During the presidential election many voters chose to ignore Donald Trump’s many shortcomings (which I will refrain from enumerating) because he was seen as the means to their end of changing the composition of the Supreme Court. The goal was to transform the Supreme Court and thereby remove constitutional protection for abortion and reverse decisions on numerous other social issues such as same sex marriage.
With the appointment of Brett Kavanaugh, these changes may come to pass.
I think that a Republican President could have done better than Brett Kavanaugh.
In his typical style, Donald Trump has left chaos in his wake.
DAHLIA LITHWICK wrote in Slate on Brett Kavanaugh’s Nomination:
Donald Trump is running the table. He has managed, with his Brett Kavanaugh nomination circus, to undermine the FBI, the judicial branch, the media, and the legal academy. He’s done all that while being openly malevolent and revanchist about the dignity of sexual assault survivors in America. Everything the man touches turns to garbage and it’s surely just a happy accident that the institutions—like courts and federal law enforcement—that have been arrayed against him will all come out of this Supreme Court nightmare both tarnished and diminished.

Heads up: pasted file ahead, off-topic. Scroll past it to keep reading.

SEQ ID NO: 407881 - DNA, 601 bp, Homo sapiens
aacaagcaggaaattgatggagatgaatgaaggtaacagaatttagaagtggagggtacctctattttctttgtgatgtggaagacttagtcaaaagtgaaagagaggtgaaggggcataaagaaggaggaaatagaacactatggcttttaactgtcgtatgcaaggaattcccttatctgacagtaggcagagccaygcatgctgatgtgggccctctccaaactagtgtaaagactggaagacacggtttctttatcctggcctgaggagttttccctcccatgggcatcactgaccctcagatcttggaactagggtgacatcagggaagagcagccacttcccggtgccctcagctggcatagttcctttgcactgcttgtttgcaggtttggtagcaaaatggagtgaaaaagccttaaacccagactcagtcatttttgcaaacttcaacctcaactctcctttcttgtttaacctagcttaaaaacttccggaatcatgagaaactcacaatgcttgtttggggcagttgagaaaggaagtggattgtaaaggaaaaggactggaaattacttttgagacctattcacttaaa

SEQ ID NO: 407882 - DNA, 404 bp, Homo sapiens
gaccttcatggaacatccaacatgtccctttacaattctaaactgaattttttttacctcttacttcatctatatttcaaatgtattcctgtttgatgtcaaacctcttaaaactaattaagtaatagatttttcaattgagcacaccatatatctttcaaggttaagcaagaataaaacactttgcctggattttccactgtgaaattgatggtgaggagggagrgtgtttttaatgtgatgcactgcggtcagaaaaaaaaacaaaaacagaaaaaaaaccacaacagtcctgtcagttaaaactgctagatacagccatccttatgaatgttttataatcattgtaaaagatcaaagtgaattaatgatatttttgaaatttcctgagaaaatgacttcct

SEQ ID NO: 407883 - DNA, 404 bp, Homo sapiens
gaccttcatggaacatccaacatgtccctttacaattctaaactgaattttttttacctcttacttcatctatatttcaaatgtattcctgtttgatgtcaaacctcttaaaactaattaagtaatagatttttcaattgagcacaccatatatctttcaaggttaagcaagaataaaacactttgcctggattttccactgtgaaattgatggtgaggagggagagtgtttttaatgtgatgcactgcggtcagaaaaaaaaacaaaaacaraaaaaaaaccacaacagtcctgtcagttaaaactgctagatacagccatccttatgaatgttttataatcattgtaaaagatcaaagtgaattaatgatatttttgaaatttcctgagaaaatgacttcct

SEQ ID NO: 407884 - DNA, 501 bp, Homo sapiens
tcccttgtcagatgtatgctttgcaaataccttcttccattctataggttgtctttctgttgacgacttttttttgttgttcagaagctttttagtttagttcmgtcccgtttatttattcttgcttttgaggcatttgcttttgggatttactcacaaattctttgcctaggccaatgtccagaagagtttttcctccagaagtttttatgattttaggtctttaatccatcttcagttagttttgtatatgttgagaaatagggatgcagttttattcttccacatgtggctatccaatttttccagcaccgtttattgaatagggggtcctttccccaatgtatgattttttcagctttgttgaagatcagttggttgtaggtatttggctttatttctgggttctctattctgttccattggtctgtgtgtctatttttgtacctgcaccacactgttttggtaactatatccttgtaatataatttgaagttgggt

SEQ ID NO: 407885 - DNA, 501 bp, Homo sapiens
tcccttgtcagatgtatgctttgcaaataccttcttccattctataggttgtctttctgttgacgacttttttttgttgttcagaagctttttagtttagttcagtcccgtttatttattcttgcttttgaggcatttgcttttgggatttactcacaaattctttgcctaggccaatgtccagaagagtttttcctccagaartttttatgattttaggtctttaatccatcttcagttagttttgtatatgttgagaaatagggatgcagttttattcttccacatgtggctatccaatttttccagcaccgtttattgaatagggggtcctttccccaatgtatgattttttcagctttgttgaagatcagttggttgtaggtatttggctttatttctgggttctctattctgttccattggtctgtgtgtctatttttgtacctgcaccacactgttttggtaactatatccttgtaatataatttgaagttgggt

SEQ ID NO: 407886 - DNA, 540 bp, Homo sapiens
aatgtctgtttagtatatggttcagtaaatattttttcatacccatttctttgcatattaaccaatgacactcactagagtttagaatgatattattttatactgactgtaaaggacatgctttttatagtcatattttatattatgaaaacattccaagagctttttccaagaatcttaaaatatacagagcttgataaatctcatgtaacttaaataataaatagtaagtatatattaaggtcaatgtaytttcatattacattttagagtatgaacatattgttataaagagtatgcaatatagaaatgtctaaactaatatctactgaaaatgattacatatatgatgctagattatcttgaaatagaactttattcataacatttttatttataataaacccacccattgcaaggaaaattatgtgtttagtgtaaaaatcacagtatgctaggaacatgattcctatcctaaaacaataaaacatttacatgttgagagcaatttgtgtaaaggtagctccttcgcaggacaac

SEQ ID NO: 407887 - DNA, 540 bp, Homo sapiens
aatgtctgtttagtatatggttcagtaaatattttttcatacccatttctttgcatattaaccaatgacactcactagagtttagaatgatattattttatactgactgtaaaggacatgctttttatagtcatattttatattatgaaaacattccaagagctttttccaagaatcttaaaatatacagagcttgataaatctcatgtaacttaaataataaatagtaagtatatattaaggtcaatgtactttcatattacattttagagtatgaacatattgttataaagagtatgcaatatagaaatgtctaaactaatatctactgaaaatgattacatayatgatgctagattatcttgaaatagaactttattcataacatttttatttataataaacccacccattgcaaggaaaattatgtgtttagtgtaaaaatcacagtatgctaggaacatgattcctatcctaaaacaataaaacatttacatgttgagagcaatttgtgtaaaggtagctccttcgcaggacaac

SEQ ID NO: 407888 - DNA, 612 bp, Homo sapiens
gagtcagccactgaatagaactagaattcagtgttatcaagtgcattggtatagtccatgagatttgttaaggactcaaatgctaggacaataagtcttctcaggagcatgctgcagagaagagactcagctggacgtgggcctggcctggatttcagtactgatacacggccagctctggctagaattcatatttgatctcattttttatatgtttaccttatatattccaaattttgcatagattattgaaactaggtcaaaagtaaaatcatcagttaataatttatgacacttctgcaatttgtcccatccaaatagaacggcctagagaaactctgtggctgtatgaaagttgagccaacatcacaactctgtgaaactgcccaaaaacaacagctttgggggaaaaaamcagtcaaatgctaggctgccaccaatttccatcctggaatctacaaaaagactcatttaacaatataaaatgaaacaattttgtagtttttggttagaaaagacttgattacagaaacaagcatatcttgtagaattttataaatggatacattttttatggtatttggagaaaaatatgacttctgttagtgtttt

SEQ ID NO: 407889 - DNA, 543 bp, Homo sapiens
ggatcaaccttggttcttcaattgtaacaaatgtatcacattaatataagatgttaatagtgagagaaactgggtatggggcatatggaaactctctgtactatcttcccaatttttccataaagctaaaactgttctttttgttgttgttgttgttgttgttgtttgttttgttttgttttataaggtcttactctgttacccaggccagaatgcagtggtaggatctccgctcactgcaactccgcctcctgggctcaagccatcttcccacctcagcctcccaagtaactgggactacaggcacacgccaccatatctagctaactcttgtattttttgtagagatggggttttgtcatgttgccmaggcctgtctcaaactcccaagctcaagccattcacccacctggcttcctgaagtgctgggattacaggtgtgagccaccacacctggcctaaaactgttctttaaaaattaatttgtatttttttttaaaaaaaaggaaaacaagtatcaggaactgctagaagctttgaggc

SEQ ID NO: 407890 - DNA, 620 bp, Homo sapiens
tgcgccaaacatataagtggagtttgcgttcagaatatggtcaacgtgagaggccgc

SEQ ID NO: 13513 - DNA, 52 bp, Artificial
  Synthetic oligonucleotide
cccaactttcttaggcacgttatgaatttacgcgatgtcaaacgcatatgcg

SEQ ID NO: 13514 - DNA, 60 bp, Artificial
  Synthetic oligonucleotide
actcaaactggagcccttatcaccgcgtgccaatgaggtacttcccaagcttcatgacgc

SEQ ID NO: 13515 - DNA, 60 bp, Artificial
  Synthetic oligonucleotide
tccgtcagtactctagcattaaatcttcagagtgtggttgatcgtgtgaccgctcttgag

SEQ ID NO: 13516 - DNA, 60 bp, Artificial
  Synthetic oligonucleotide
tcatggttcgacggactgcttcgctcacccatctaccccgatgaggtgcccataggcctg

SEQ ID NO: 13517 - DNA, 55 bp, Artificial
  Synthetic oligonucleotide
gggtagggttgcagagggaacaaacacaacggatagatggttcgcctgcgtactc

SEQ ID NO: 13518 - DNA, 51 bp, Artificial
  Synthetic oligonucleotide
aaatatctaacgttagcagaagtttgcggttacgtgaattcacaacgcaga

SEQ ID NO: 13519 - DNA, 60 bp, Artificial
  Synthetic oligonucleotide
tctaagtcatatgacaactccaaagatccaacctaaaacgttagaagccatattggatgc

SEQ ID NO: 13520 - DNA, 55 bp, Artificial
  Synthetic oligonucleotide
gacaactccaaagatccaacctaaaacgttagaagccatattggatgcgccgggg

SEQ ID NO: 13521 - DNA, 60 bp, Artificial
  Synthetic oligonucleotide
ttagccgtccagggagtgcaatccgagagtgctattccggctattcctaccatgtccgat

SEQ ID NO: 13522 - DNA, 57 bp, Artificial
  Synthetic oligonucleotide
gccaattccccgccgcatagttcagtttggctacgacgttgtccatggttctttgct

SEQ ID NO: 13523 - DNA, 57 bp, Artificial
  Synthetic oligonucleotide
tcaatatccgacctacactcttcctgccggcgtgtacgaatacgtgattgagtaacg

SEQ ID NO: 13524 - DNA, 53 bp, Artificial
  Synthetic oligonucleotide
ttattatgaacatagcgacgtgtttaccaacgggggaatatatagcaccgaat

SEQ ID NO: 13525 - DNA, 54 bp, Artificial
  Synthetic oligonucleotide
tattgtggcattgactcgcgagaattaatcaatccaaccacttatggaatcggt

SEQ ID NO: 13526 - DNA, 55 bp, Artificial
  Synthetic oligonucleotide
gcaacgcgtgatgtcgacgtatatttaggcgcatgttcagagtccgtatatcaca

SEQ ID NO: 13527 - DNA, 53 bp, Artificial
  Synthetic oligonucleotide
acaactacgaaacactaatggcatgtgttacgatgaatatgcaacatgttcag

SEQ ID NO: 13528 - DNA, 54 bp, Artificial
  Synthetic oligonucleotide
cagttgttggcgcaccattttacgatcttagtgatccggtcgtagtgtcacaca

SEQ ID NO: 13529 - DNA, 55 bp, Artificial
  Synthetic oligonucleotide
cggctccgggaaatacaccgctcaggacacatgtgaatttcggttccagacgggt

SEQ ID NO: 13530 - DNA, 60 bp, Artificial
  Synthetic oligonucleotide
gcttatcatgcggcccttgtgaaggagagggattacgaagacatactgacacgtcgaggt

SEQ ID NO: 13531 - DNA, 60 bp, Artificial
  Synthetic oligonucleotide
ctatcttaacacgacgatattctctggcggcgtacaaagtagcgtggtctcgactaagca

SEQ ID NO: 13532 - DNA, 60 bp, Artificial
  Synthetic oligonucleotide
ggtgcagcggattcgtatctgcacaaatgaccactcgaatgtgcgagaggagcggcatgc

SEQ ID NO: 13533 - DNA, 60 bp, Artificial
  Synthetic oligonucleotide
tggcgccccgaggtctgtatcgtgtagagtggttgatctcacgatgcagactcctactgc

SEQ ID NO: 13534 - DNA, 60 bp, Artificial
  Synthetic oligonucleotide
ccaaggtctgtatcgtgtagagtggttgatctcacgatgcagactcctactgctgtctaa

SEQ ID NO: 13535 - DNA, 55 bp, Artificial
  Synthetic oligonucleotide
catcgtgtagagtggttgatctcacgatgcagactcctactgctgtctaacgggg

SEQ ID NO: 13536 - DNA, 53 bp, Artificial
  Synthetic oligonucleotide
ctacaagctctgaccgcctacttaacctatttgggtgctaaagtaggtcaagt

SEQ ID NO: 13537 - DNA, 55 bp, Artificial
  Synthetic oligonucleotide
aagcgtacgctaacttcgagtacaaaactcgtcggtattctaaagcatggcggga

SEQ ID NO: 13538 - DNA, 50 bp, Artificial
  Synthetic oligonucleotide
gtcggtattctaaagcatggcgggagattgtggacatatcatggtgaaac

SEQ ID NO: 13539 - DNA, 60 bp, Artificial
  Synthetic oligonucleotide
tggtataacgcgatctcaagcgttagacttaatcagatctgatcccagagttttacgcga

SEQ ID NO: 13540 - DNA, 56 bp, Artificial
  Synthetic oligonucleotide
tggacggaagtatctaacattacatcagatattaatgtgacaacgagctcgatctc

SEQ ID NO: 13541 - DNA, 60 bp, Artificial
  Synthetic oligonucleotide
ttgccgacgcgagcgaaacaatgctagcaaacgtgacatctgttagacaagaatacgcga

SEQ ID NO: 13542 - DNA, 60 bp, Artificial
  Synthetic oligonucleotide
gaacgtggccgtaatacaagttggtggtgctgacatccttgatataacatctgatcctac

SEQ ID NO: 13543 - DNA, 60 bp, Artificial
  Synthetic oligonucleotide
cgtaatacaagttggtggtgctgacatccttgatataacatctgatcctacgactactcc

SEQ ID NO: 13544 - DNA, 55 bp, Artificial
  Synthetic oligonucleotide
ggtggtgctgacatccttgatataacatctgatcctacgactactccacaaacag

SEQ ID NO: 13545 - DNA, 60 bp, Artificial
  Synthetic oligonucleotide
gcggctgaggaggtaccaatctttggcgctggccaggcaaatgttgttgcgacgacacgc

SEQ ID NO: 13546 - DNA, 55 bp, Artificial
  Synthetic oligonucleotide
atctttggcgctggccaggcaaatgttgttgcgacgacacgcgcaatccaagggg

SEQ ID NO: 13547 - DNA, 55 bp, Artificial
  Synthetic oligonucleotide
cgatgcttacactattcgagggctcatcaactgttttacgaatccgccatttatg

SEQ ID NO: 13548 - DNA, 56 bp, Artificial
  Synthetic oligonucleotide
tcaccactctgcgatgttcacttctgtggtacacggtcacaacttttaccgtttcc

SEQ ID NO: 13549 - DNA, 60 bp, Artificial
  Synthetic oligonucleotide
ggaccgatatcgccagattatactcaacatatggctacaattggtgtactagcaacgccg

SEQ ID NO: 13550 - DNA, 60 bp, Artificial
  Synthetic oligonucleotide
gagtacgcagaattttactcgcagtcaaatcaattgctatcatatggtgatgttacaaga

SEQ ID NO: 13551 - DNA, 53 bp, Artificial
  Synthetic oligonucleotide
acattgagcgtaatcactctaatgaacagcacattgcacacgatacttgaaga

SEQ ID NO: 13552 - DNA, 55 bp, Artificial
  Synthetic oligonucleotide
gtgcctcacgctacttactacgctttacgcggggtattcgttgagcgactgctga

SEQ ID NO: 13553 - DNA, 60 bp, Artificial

This is the “bad news” that has been ongoing since Trump assumed office.
Yet Brett Kavanaugh makes it all seem worse.
Kavanaugh’s bellicose, entitled, and nakedly partisan response to the charges of sexual assault against, him have not only revealed a judicial temperament ill-suited for the nation’s highest court, but exposed a partisan outlook that seems immune from deliberation.
Kavanaugh’s appointment is a testament to the craven nature of Senate Republicans. It is an affront to victims of sexual violence. It cracks the veneer on a broken political system.
I do not apologize for my anger and disgust about this most recent affront to my values. I struggle to find any kind of silver lining.
I am uncertain if Brett Kavanaugh’s conformation will have a positive impact on the upcoming mid-term elections. Partisan rancor remains at a fever pitch. Both sides are energized.
Kavanaugh’s confirmation has caused me to question my faith in democracy and my belief that increased voter participation, on whatever side, is a good thing.
Despite my misgivings and frustrations, I remain engaged in the political process.
There are candidates who share my commitment to supporting human worth and dignity and who believe that the government is there to promote basic human equality.
The recent setbacks in progress toward a more egalitarian society do not belie the over-reaching arc toward justice.
These are indeed tough times. I am going to go out and find friends to be with in silent solidarity as a balm to my wounded spirit. It is through others that I will restore my hope in the potential for human goodness.